Wednesday, August 3, 2016

Isla del Encanto

I am often asked, "Where are you from?" while I know it's a disguise for, "Why do you look so different than what an American 'should' look like?" It's a loaded question for me. But, the truth behind all the PC layers is that my blood runs thick with Taino, European and African blood that took root on a small island nation that belongs to the US in the way that indentured servants belong to their masters. 

This week I get to explore that place with my boyfriend, daughter and nephew. My daughter is quick to identify as Latina, but has only explored the Mexican side of her culture. She has never been to Puerto Rico. My nephew went as a toddler but is old enough now to create lasting memories. My bf has never been out of the country so this should be entertaining.

As a child I visited my family in Puerto Rico a few times. I mostly recall the food, playing with my cousins, the beach and my grandparent's homes. As an adult Warren and I got to spend time in various parts of the island I had never seen before. I still laugh at the memory of him trying to cover his Mexican accent with one he thought was more Puerto Rican, and being disappointed when asked where he learned Spanish. That was typical of Warren, though. He would visit a country and jump into the culture, love it and accept it without judgement. That is what I want to show my daughter and nephew.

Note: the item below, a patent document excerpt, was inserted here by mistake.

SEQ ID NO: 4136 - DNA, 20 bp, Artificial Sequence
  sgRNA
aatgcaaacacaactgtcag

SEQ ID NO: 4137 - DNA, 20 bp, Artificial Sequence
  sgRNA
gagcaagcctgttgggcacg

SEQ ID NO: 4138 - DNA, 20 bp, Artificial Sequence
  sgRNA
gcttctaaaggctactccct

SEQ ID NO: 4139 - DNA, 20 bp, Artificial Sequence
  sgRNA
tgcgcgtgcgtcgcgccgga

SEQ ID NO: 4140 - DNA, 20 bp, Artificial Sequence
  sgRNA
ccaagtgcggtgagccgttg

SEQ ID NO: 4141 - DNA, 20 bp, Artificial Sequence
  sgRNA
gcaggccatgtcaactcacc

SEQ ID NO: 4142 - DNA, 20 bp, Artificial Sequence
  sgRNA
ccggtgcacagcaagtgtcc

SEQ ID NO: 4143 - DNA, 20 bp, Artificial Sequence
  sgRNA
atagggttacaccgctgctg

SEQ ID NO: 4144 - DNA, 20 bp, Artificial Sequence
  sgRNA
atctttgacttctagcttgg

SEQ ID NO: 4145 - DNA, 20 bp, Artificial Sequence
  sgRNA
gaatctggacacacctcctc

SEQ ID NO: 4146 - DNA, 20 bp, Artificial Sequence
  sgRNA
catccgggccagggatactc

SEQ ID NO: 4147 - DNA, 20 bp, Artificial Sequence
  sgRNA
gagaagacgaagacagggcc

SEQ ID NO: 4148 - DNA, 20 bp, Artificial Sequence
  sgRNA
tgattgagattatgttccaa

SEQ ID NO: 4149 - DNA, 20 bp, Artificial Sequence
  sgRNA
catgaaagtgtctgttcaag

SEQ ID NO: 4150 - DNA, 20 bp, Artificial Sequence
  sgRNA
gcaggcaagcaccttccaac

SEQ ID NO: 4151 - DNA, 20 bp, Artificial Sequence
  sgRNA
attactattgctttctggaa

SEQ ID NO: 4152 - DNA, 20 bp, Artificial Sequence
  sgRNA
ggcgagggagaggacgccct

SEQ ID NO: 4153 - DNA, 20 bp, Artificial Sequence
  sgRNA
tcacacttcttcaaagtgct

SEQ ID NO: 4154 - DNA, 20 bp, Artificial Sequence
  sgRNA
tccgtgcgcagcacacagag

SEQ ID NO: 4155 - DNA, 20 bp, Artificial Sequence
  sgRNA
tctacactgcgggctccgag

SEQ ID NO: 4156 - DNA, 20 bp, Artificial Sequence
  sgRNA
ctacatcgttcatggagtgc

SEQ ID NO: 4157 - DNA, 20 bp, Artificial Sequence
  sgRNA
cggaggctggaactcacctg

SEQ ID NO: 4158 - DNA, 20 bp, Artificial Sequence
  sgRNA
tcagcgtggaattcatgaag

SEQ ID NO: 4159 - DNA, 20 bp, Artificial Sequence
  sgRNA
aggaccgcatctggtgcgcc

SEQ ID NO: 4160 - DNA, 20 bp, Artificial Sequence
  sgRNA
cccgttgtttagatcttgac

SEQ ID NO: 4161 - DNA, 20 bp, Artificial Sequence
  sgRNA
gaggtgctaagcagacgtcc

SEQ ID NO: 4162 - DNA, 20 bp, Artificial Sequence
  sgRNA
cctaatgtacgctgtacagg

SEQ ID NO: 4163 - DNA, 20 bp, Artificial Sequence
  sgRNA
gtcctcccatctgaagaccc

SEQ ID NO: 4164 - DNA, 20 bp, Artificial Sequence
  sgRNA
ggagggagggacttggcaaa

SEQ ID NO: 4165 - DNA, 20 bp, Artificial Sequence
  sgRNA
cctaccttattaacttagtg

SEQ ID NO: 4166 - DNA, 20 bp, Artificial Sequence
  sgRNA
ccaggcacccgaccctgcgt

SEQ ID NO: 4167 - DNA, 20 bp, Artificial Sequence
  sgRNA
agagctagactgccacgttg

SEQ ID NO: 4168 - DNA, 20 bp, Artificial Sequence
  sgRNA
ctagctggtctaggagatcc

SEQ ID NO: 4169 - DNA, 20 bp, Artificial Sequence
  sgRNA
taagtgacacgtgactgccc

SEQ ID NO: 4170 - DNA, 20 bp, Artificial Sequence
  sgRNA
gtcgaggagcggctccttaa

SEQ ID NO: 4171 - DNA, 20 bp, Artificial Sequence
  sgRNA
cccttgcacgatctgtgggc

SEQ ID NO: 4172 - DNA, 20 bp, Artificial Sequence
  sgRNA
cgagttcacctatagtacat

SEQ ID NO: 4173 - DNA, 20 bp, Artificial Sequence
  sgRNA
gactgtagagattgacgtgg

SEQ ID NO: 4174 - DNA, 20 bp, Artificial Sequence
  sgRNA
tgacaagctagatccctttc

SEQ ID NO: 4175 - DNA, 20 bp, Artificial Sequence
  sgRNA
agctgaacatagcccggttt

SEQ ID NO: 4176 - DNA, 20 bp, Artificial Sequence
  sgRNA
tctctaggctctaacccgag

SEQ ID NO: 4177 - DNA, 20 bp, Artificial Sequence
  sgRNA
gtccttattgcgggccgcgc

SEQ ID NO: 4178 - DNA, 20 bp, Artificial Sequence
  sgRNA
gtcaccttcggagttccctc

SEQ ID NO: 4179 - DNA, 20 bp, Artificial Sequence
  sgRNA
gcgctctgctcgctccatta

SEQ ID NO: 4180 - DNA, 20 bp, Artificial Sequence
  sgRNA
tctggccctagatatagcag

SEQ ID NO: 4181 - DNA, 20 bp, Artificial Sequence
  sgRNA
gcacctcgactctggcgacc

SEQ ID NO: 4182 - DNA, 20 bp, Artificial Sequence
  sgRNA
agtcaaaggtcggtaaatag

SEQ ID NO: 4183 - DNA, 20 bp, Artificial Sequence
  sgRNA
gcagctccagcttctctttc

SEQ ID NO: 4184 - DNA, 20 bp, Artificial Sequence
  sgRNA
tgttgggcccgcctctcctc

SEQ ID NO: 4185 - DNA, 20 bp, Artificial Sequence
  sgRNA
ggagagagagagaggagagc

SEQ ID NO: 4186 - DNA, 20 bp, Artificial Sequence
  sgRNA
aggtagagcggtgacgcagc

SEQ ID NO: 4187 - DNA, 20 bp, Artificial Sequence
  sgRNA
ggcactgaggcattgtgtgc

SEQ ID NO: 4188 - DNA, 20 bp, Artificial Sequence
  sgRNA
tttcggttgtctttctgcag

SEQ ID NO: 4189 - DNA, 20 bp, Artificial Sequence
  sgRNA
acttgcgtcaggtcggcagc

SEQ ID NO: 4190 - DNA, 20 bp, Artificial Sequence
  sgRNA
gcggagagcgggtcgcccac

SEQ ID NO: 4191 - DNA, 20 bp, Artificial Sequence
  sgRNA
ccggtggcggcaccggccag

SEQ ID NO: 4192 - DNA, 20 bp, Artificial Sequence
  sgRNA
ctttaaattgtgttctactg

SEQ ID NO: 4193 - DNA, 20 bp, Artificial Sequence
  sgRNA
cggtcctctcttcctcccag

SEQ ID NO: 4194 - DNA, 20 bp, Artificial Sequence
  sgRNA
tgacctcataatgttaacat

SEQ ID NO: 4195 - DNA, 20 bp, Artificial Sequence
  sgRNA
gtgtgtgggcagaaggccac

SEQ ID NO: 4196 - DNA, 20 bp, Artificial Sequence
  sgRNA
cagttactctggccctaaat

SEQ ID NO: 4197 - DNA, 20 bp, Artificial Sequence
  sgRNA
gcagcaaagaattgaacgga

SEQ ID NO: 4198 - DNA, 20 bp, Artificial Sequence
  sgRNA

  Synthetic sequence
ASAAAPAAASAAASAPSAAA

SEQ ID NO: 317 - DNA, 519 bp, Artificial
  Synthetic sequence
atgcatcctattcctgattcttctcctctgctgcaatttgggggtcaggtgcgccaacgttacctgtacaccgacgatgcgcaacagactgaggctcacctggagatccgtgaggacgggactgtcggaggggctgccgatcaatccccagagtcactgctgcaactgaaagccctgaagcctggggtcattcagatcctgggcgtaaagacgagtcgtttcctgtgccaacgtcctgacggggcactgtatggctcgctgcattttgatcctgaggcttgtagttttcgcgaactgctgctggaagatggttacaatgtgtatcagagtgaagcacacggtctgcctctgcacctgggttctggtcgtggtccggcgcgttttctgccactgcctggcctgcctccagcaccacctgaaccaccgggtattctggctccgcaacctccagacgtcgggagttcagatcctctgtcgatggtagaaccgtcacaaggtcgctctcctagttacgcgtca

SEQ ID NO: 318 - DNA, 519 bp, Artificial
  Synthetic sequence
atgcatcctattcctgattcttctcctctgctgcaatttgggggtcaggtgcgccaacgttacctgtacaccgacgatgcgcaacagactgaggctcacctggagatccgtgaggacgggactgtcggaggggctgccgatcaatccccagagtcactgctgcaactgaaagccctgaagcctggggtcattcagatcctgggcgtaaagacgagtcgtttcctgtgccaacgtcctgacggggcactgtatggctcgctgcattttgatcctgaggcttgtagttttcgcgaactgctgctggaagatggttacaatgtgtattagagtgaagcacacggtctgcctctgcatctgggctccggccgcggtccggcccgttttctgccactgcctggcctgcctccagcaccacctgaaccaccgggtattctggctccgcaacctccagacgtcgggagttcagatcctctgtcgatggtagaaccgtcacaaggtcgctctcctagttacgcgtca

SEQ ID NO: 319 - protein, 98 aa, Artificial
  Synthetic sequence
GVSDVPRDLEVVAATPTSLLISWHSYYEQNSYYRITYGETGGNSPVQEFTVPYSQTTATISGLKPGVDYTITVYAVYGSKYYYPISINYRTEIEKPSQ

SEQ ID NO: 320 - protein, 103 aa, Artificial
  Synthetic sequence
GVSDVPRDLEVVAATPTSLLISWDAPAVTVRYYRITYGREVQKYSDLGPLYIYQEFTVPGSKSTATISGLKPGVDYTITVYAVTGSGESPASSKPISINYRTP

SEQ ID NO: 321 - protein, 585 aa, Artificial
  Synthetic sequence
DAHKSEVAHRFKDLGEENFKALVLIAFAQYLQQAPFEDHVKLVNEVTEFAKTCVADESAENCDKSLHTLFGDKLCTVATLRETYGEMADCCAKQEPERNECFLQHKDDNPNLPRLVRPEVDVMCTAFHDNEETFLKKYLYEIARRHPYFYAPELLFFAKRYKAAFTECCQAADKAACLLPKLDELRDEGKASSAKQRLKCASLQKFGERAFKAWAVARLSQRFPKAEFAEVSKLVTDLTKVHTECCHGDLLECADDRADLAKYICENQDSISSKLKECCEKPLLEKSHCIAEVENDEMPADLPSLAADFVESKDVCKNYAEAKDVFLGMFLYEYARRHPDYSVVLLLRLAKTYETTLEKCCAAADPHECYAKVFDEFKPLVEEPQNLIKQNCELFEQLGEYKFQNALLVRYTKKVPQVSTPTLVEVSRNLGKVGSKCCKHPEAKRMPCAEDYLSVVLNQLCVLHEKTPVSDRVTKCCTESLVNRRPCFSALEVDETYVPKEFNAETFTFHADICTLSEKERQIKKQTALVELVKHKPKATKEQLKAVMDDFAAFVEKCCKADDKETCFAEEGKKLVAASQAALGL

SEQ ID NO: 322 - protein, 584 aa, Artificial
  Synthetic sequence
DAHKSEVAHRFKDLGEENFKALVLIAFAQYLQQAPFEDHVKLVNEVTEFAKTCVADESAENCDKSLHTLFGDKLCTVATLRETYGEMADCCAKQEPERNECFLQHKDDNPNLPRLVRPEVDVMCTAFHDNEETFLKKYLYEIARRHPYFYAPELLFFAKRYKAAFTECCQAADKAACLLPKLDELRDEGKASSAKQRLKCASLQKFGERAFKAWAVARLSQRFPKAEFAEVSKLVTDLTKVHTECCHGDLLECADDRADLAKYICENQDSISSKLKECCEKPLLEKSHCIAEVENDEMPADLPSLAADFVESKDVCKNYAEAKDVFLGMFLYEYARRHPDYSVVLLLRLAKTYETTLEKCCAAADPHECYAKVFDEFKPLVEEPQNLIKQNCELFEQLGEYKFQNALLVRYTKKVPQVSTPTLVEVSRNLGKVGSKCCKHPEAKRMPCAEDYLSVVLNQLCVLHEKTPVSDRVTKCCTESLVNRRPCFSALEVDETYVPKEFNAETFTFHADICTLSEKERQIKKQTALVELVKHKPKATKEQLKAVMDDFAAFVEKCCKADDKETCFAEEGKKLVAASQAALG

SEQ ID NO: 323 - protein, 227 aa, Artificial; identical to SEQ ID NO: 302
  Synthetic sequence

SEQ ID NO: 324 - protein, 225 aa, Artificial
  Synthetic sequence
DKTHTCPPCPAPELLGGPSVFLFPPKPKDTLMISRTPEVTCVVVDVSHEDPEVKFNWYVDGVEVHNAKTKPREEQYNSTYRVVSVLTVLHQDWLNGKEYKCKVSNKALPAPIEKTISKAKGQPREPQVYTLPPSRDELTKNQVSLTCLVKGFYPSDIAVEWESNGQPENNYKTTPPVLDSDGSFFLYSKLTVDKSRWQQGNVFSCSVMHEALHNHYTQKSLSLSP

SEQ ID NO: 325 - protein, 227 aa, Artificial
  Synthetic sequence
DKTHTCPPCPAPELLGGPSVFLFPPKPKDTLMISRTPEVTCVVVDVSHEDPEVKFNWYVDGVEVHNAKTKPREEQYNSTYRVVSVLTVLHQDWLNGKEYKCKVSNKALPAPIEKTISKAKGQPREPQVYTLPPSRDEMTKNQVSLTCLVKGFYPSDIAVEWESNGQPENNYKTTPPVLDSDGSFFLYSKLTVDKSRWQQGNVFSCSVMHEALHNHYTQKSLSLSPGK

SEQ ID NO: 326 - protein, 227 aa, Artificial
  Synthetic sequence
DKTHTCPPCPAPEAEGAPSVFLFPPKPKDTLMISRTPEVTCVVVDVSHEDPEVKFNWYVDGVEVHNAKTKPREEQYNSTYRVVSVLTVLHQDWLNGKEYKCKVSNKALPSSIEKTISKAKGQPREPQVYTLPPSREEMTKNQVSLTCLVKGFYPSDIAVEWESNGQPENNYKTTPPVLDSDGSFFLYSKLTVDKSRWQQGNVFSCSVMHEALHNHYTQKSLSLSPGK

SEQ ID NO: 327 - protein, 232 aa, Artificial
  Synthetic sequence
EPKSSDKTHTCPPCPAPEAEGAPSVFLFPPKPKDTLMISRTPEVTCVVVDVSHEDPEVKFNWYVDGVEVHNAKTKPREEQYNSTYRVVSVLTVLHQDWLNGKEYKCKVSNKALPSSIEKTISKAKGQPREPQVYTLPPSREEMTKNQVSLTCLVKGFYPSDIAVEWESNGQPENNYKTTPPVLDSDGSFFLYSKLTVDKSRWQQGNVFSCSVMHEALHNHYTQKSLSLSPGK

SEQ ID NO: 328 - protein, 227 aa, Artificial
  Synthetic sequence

Puerto Rico is beautiful and we'll certainly enjoy the mountains, the beaches and the rain forest. But I want the kids to come away with more than that. As a child I had a diverse group of friends, neighbors, and family members. I loved how so many elements of my heritage could be found in theirs as well. Being a blend of three continents makes for a rich tapestry of foods, music, vernacular, and appreciations. I had family members as blue-eyed as my Polish friends, and some as dark as Harold Washington, the first black mayor of Chicago. 

Learning about the history of the island and the Puerto Ricans who made that history instilled pride and a feeling that I come from strong, assertive and resilient stock. That isn't unique to Puerto Ricans, and I am thankful to share that with other nationalities and cultures. It is a good reminder when times are tough and I want to chuck it in the fuck-it bucket to remember that my lineage consists of these traits and I can live up to them. 

During our time on the isla del encanto I hope to gift that to my daughter and nephew. Being in the place of their descendants, seeing first-hand the place that so many have fought and continue to fight for, hearing the accents that make up the Puerto Rican colloquialisms, getting to know our family who call the island home, walking through historic landmarks that have come to define the island globally are all on the agenda, along with lots of comida criolla, salt water and tan lines. When we get back, I hope that the kids will walk with a little more pep in their step, feel more connected to their history, and feel proud when they get asked that unavoidable question about where they're really from.

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